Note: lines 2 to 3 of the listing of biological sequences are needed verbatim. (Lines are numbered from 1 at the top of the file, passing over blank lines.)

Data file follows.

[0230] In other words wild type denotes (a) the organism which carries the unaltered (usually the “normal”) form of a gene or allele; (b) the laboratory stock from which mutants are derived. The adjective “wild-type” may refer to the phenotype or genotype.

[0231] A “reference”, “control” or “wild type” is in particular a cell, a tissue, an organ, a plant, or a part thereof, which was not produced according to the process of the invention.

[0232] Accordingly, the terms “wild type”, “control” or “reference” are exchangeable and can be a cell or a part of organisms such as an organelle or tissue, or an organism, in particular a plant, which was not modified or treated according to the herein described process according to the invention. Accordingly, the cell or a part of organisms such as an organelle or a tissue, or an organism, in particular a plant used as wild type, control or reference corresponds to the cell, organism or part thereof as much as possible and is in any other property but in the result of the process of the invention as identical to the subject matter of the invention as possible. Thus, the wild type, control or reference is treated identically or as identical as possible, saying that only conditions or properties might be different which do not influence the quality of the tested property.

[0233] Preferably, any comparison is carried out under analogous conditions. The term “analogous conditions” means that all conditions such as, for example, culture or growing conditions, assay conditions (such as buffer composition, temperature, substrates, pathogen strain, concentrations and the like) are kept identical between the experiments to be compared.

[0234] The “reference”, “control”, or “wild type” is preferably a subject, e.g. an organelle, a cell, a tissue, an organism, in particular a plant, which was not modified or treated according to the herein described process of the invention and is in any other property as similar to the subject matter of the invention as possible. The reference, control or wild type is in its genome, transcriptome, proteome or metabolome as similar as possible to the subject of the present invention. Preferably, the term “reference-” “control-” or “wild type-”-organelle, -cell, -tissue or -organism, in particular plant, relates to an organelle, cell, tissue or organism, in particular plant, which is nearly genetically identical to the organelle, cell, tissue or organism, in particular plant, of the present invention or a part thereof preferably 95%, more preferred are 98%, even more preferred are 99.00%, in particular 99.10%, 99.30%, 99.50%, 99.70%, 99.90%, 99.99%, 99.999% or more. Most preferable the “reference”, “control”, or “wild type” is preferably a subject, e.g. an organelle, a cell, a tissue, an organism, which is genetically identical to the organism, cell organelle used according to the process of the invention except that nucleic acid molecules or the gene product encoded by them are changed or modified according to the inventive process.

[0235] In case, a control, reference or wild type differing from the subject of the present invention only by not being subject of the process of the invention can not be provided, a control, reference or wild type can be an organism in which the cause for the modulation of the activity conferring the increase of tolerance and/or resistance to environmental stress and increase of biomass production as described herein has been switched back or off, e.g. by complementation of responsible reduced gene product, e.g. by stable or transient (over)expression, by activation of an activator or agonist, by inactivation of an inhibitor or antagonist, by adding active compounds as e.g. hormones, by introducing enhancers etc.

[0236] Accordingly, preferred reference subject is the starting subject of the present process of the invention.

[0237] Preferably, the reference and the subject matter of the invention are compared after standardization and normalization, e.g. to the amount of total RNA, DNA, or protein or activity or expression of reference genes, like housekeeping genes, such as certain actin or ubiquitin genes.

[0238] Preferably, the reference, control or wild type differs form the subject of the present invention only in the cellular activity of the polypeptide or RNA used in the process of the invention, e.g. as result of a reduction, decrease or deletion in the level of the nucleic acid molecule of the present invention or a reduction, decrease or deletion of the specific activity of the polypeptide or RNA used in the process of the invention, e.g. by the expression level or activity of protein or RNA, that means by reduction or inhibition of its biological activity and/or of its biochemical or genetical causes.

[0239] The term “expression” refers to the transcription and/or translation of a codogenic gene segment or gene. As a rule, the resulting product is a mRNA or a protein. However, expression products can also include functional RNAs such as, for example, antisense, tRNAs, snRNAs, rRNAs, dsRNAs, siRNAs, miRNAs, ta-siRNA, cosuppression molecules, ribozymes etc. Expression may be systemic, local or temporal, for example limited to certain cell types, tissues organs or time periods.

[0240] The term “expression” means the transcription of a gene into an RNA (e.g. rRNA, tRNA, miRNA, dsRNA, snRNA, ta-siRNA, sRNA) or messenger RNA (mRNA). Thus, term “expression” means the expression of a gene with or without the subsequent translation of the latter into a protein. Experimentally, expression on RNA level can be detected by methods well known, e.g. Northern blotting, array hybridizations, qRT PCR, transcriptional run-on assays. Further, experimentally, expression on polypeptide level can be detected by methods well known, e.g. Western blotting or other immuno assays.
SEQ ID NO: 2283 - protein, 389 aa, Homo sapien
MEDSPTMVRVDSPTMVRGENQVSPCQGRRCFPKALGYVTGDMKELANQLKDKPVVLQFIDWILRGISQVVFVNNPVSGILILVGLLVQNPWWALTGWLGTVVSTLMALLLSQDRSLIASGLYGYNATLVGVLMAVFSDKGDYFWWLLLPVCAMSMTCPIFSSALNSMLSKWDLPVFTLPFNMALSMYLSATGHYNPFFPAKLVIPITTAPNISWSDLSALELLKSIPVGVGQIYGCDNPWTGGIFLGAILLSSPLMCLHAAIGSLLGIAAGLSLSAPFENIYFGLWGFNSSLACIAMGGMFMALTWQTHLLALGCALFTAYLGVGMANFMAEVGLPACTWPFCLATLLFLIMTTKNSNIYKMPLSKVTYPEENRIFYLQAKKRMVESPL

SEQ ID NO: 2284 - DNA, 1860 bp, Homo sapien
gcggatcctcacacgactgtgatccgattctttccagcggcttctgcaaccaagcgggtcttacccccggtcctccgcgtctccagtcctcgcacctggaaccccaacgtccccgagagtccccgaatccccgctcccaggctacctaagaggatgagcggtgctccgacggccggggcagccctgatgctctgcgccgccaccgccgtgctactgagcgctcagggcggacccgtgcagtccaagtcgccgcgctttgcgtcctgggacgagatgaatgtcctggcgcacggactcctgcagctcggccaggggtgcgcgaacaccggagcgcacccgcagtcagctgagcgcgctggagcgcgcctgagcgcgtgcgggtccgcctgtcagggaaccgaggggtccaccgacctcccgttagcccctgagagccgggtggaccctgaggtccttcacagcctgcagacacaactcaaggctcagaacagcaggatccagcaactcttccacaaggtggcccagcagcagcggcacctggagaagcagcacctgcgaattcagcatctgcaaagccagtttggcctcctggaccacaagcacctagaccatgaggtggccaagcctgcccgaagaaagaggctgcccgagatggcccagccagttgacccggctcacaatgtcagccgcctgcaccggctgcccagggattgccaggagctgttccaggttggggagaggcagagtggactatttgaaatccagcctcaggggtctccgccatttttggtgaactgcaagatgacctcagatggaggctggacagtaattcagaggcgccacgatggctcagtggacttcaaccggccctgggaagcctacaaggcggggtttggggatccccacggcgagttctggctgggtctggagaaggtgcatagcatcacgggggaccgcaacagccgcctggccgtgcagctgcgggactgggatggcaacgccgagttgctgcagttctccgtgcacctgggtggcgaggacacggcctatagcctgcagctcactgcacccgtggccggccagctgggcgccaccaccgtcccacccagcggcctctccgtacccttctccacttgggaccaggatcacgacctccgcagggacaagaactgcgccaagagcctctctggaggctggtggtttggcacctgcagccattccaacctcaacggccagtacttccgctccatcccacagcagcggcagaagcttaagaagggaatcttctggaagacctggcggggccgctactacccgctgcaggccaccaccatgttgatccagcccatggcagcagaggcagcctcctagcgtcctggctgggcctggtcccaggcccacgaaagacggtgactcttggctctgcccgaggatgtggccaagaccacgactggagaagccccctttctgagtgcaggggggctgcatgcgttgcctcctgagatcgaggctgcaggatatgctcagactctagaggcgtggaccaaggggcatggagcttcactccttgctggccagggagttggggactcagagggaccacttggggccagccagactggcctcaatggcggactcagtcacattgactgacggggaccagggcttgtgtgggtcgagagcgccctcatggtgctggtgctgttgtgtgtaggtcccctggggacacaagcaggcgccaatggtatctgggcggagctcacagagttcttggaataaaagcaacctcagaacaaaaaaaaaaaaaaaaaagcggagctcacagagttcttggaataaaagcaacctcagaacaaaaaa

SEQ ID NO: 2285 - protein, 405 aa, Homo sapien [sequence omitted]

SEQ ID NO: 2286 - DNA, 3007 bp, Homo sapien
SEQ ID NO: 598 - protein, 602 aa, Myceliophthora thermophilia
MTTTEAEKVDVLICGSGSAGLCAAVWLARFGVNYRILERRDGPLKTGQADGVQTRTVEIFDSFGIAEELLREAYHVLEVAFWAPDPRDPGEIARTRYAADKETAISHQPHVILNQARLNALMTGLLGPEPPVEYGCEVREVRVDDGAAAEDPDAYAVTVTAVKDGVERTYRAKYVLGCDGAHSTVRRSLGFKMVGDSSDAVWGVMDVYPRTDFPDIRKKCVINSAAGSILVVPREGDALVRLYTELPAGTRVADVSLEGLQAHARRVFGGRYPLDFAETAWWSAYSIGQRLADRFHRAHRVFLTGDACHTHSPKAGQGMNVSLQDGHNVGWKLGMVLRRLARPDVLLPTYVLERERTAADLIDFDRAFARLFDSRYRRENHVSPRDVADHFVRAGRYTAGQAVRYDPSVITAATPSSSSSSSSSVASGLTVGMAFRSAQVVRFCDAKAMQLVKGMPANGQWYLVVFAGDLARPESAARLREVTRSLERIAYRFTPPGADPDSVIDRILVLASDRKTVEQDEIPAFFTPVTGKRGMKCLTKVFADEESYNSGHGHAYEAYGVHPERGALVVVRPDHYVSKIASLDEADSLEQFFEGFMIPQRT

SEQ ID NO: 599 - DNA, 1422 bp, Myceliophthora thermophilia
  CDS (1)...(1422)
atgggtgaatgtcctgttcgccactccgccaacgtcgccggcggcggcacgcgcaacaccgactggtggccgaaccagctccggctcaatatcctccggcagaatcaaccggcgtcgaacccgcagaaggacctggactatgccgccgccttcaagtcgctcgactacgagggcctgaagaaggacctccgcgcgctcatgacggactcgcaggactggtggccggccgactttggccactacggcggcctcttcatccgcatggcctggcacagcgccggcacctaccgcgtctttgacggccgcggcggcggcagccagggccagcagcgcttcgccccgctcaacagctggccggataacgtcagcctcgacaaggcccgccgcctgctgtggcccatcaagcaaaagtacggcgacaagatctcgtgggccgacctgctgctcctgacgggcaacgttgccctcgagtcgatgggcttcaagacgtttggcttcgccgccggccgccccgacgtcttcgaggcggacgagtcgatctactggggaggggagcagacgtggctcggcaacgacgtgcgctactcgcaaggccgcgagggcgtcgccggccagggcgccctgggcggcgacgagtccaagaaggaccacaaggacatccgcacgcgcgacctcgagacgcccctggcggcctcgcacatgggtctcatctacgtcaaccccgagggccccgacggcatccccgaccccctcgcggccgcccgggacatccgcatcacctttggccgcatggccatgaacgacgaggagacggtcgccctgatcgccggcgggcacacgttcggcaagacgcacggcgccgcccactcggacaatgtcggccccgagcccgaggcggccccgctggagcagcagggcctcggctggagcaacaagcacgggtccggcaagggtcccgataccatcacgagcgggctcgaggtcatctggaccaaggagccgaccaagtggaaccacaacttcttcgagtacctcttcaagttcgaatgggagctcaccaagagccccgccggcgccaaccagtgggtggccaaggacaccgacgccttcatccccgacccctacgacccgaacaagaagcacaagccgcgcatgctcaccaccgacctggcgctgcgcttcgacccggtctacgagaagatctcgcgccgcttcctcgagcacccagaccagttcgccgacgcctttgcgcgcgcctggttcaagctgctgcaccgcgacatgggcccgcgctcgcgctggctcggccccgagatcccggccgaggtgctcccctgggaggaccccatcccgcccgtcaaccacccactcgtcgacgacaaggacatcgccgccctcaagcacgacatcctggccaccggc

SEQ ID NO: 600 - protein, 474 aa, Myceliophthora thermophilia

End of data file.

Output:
[0231] A “reference”, “control” or “wild type” is in particular a cell, a tissue, an organ, a plant, or a part thereof, which was not produced according to the process of the invention.

[0232] Accordingly, the terms “wild type”, “control” or “reference” are exchangeable and can be a cell or a part of organisms such as an organelle or tissue, or an organism, in particular a plant, which was not modified or treated according to the herein described process according to the invention. Accordingly, the cell or a part of organisms such as an organelle or a tissue, or an organism, in particular a plant used as wild type, control or reference corresponds to the cell, organism or part thereof as much as possible and is in any other property but in the result of the process of the invention as identical to the subject matter of the invention as possible. Thus, the wild type, control or reference is treated identically or as identical as possible, saying that only conditions or properties might be different which do not influence the quality of the tested property.